I just added TLS to the blog, since I was renewing another certificate. The last couple of years I have deployed quite a few certificates, and this post is really just a simple link collection.

CSR all the way

When getting a certificate please generate a certificate signing request (CSR). This way you keep you private key private, locally on your server or machine.

DigiCert has a nice tool that helps you generate a CSR. Although the tool is nice you will probably need to add -sha256 to the options. Another thing to be aware of is special characters in e.g. an A/S you need to escape it as A\/S.

Another way is to do it interactively by only supplying openssl with:

openssl req -new -sha256 -newkey rsa:2048 -nodes -keyout www_casadelkrogh_dk.key -out www_casadelkrogh_dk.csr

SSL shopper has a nice overview of useful openssl commands.

Verify your CSR

Before sending off your CSR you should verify the information in it:

openssl req -text -noout -verify -in www_casadelkrogh_dk.csr


  • The information
  • Check the CN matches the desired domain
  • Check that the Signature Algorithm is sha256

Choosing a CA

Next you need to choose your certificate authority (CA). I have used StartSSL for a number of years, but following their acquisition they lost a lot of trust. In July 2017 StartSSL was removed from google chrome, and other browsers followed soon there after.

These days I have switched to Let’s Encrypt which is also free. There are plenty of guides out there for setting up Let’s Encrypt :) And a great thing is that it has auto renewal built in.

Intermediate certificates

When you get your certificate from your CA you will probably get an intermediate certificate as well.

The order to add certificates (and the key if using e.g. HA proxy) is from most private to most public.

cat www_casadelkrogh_dk.crt intermediate.pem > www_casadelkrogh_dk-bundle.crt

Configuring nginx

There have been a suite of bugs and vulnerabilities with regards to SSL and cipher suites, such as Heartbleed, Logjam and BEAST.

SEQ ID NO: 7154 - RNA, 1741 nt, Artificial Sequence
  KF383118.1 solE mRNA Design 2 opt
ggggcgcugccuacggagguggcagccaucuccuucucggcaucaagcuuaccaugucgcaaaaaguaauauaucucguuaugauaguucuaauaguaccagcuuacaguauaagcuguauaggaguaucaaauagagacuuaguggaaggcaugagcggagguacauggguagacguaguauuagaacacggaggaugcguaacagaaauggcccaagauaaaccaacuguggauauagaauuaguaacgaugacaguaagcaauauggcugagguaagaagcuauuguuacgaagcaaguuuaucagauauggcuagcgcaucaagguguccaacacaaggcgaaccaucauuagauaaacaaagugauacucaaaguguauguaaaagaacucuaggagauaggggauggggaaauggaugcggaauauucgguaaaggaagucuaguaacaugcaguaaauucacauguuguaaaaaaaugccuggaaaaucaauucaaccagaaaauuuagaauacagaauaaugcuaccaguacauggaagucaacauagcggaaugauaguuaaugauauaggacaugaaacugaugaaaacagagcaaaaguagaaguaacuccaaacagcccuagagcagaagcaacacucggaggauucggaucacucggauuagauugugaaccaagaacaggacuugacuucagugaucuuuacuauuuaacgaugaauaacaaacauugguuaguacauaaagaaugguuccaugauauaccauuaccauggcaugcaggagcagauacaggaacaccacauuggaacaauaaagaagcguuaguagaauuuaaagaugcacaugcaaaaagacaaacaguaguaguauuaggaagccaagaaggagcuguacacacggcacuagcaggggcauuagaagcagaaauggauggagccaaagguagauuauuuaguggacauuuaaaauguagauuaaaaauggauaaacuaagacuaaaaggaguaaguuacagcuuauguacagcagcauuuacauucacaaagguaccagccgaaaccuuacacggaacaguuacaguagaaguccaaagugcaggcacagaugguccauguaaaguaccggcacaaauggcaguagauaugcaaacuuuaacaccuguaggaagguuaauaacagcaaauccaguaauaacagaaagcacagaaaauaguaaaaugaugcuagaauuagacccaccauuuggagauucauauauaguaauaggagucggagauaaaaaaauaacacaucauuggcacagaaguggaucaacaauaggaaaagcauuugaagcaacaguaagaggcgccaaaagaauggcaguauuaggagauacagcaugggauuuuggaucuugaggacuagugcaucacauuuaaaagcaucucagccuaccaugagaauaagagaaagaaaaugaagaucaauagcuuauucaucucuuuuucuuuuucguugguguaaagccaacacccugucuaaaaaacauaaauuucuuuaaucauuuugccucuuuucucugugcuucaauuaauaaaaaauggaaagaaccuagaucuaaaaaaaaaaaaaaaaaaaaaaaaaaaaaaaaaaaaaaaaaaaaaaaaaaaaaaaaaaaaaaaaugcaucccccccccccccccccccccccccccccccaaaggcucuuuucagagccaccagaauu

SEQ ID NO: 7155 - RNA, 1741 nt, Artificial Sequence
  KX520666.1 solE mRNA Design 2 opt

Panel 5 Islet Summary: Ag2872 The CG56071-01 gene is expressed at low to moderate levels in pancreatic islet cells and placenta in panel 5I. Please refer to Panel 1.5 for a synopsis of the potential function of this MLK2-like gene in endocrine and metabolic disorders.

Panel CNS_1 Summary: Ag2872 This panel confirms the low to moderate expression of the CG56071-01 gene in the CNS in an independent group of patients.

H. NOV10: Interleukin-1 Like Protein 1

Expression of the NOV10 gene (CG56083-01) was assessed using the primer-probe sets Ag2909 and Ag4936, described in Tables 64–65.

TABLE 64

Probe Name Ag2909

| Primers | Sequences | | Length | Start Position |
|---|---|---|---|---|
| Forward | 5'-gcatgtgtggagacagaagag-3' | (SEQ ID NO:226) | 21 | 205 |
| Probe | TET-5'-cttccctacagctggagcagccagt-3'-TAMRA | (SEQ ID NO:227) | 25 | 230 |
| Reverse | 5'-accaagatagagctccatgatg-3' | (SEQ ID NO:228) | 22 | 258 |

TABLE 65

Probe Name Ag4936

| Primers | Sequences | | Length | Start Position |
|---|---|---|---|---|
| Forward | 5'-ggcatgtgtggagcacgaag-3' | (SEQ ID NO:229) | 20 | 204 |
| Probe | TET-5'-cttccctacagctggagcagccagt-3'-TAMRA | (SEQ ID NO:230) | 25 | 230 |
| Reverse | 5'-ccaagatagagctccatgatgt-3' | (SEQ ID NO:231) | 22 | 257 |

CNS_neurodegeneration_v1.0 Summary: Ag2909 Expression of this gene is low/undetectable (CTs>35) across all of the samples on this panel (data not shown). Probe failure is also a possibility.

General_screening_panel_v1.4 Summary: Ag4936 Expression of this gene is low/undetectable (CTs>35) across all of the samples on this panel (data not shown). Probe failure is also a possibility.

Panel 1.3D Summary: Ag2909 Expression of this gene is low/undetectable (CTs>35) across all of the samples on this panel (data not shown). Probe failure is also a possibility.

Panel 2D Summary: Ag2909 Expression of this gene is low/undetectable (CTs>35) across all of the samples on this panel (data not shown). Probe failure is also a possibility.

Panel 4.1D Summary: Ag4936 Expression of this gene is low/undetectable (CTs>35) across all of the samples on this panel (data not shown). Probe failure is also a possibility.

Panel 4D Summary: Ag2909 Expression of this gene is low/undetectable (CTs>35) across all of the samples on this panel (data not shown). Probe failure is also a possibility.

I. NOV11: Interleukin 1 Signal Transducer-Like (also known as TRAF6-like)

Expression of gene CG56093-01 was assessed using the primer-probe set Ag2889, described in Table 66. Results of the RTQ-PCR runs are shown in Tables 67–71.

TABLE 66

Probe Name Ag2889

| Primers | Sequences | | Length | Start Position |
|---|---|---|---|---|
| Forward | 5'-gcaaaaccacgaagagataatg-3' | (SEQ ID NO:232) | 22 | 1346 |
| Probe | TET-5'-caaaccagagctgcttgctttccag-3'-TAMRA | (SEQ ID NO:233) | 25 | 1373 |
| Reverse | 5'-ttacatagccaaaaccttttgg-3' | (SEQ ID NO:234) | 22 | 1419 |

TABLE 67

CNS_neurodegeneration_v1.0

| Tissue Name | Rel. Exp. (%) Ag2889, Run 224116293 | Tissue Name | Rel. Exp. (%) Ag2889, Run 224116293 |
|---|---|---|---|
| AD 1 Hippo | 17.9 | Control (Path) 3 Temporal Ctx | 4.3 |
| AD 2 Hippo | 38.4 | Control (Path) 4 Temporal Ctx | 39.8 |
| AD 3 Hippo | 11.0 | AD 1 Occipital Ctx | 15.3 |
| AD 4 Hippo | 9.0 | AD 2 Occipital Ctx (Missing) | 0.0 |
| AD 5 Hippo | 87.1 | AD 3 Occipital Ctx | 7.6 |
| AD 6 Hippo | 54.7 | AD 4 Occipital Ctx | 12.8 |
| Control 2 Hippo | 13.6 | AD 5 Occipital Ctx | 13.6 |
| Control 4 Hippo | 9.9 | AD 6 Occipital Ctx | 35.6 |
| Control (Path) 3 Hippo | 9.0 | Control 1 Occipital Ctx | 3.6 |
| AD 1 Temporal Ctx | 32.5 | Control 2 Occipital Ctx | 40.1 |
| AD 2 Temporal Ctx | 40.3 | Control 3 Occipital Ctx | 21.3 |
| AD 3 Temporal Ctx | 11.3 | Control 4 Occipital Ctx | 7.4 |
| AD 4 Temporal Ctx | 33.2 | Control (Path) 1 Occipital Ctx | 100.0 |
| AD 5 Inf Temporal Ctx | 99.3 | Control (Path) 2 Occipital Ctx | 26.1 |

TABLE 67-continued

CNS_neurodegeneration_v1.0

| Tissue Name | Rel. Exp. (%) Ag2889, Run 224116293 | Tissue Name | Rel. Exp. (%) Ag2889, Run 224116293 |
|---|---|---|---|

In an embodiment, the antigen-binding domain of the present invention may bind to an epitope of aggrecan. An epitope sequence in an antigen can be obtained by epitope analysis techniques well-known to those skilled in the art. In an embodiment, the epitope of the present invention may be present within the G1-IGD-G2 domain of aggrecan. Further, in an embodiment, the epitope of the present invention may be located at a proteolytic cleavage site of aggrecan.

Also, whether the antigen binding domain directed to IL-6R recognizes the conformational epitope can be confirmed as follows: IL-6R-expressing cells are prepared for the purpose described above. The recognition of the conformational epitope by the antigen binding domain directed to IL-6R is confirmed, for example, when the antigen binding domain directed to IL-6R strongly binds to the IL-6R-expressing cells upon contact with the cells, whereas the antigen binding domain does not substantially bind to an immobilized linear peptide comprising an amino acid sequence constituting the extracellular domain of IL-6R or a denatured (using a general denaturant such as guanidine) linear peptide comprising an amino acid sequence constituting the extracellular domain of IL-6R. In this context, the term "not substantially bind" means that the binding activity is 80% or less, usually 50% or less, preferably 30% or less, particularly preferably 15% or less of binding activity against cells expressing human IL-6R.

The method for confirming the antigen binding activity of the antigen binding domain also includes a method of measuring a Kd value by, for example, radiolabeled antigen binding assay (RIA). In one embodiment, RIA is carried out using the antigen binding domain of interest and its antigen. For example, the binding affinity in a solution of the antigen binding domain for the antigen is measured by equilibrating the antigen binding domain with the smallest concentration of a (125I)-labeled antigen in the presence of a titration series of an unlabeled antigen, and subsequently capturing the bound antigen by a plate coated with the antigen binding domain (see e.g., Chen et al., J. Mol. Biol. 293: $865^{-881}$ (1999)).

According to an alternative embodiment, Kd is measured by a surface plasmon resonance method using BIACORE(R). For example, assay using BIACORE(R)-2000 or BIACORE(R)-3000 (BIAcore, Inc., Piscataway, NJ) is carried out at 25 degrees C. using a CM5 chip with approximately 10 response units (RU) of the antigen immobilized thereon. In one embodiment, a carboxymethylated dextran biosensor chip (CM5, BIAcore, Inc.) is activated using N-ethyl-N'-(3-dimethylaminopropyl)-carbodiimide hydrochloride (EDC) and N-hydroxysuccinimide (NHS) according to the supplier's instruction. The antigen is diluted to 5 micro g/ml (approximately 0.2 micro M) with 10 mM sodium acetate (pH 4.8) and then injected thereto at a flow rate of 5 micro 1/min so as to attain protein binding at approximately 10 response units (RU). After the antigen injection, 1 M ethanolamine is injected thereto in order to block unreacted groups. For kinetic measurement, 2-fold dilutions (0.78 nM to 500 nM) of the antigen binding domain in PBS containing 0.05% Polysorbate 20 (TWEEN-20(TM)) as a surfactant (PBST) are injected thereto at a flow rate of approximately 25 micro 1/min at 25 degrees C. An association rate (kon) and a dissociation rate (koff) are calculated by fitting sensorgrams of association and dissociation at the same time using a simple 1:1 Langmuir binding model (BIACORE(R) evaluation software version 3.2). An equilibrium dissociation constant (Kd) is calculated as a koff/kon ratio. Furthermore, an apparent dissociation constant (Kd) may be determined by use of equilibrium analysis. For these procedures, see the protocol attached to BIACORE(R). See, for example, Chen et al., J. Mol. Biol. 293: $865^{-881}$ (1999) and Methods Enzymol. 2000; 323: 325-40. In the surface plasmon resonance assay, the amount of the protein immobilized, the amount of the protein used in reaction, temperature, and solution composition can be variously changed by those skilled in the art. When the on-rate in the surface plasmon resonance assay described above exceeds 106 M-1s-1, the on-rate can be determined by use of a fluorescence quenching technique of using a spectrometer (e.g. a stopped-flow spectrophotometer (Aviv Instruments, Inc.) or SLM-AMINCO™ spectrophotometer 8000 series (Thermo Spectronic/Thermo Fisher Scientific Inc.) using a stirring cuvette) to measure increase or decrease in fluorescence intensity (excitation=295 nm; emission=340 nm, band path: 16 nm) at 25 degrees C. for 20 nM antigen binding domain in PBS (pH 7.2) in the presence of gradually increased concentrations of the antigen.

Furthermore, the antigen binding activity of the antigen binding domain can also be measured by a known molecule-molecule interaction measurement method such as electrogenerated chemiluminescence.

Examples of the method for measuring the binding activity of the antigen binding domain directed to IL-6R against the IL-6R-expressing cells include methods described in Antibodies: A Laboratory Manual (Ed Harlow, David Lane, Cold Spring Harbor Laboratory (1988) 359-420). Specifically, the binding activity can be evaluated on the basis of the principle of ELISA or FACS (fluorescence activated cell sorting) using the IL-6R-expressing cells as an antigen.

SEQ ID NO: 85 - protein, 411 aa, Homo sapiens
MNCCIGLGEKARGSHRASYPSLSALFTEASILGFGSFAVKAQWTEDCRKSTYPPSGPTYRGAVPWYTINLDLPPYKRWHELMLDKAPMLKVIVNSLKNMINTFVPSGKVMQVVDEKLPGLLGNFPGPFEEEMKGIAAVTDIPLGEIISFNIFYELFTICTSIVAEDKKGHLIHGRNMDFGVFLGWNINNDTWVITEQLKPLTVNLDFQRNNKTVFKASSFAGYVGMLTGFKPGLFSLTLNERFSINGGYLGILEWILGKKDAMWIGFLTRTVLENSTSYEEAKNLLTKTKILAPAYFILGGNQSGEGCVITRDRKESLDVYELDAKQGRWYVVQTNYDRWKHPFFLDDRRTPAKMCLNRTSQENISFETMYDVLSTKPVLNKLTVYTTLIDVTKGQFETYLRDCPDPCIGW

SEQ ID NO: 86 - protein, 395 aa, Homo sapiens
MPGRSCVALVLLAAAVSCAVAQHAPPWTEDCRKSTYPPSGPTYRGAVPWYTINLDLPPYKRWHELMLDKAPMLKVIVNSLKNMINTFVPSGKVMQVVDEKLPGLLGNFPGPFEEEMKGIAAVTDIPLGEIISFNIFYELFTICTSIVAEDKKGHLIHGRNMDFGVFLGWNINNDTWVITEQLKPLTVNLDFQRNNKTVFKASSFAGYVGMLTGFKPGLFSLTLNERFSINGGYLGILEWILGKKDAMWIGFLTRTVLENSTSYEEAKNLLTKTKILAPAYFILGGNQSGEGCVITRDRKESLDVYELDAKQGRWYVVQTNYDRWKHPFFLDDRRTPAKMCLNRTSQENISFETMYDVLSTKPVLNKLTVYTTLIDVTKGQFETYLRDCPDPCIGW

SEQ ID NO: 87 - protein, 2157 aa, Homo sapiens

A nice resource for configuring your server is the Mozilla SSL Configuration Generator It contains configuration examples and cipher lists that are up to date.

However be aware that turning on Strict-Transport-Security means that you will always need to run https, since browsers will refuse to use normal http for your site.

Personally my nginx config consists of a share config:

    # Conf from https://cipherli.st
    ssl_prefer_server_ciphers on;
    ssl_protocols TLSv1 TLSv1.1 TLSv1.2;
    ssl_session_cache shared:SSL:10m;
    ssl_ecdh_curve secp384r1;
    ssl_dhparam /etc/ssl/dhparams.pem;

Then I have the following config:

    server {
      listen 80;
      server_name www.casadelkrogh.dk casadelkrogh.dk;
      rewrite ^(.*) https://$host$1 permanent;
    server {
      listen 443;
      server_name www.casadelkrogh.dk casadelkrogh.dk;

      include ssl_base.conf;
      ssl_certificate /etc/ssl/certs/www.casadelkrogh.dk_bundle.crt;
      ssl_certificate_key /etc/ssl/certs/www_casadelkrogh_dk.key;
      # other conf...

Check your setup

Now you see that it works in your browser and all should be dandy. Even so please check if the rest of the internet agrees with you :)

SSL labs has a nice tool for checking if you have setup https properly, even if it is rather slow.

Another alternative that is often faster is https://ssldecoder.org.

Multiple CNs

If you need to add multiple addresses to your certificate you can do that via the -subj that the DigiCert tool helps you create. You simply just add multiple CNs

openssl req -new -key www_casadelkrogh_dk.key -out www_casadelkrogh_dk.csr -subj "/C=DK/ST=/L=/O=/CN=www.casadelkrogh.dk/CN=subdomain2.casadelkrogh.dk" -sha256